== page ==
What the judges said: “Kyle Gallardo’s introspective bedroom recordings may make him the most unique and mature entry we received this year. We found ourselves streaming the 19-year-old’s ‘Uneventful’ release on Bandcamp multiple different occasions while we were still in the submission stage. We’re very excited to see Kyle joined by a keyboard player for his battle performance.” — Libman.
Roman Barten-Sherman and the Interstellar Blues Orchestra
Genre: Country blues
Members: Guitar Roman Barten-Sherman, 12; drums and percussion Rylande Dodge, 15.
The music: “When I entered the collaboration I was thinking more about the country bluesy stuff. But the great thing about working with a collaborator is that they change your style. So we are working on some other things including hill country, kind of trancelike music from north Mississippi,” said Barten-Sherman.
Where you may have seen them: This is the pair’s first public performance together, but Barten-Sherman is a regular at Club Congress as an opener for Tucson Delta bluesman Tom Walbank and has performed at the Rialto Theatre, Café Passe and blues festivals around the country.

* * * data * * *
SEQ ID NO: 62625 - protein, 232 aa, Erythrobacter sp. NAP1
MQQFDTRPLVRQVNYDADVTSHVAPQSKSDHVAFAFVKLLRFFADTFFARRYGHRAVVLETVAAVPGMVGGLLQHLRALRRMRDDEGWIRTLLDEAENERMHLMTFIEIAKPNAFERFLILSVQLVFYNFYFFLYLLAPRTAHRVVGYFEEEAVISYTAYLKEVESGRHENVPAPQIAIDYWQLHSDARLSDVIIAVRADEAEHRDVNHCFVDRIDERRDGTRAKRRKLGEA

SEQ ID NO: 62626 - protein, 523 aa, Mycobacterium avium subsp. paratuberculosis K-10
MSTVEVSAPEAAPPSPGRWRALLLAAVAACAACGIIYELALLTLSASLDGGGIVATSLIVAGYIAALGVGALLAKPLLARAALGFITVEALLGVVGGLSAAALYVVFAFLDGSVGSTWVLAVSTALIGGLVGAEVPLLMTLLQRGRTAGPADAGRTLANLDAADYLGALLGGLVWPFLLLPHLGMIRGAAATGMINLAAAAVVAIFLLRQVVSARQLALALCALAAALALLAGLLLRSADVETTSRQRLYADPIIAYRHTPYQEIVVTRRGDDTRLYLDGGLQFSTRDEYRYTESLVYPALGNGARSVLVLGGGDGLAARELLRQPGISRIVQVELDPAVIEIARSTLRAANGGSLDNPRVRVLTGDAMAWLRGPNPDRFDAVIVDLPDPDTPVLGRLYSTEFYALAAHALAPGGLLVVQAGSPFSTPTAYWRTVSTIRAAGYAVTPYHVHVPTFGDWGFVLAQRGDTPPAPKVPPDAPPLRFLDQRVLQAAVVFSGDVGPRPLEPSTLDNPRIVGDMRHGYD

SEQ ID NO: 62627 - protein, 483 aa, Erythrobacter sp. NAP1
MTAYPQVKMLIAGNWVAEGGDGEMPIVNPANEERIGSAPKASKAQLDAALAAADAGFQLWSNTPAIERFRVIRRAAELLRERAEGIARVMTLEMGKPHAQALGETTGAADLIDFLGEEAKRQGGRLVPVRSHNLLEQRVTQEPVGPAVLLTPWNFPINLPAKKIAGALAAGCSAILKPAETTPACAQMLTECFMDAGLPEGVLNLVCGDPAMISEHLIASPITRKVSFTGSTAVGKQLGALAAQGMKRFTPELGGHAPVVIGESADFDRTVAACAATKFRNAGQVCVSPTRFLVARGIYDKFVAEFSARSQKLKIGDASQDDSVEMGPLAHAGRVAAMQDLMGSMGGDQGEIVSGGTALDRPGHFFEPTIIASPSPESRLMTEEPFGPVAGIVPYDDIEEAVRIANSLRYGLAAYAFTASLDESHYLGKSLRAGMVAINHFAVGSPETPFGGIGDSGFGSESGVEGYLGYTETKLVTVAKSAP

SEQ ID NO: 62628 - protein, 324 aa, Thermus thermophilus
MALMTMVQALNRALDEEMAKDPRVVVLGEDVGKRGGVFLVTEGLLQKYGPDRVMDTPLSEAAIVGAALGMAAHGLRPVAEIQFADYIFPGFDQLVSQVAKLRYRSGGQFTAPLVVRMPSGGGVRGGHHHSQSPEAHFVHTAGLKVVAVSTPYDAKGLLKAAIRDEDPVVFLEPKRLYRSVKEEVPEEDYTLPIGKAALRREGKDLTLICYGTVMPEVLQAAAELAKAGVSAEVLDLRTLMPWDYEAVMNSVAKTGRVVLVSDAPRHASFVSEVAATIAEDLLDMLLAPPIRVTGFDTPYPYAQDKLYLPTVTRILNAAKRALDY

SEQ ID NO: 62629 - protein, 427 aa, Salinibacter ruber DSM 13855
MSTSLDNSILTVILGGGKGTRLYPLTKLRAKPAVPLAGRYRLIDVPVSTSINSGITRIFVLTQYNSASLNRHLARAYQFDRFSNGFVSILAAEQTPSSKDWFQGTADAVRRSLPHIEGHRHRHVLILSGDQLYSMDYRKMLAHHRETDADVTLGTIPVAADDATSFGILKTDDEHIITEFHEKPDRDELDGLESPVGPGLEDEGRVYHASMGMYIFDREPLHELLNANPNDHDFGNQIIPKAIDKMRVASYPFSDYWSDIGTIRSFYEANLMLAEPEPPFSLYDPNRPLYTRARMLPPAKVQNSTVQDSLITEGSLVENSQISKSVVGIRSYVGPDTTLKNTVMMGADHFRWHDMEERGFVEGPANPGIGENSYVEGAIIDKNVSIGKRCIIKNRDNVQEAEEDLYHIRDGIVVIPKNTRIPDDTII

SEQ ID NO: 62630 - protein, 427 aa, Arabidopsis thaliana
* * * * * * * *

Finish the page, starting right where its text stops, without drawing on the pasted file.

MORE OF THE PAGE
Recordings: None yet, but Barten-Sherman, who has been performing for several years, has a YouTube channel (youtube.com/user/totalmobilehome) where you can see dozens of his performances.
How it got started: About three months ago, Barten-Sherman, who has been playing banjo and baritone ukulele since he was 2 and guitar since he was 6, teamed up with Dodge, a member of Tucson High Magnet School’s Jovert steel drum band directed by his father, Khris Dodge. “It’s just been such a blast. It’s going to be absolutely wonderful when the judges see that the Intersteller Blues Orchestra is two people.”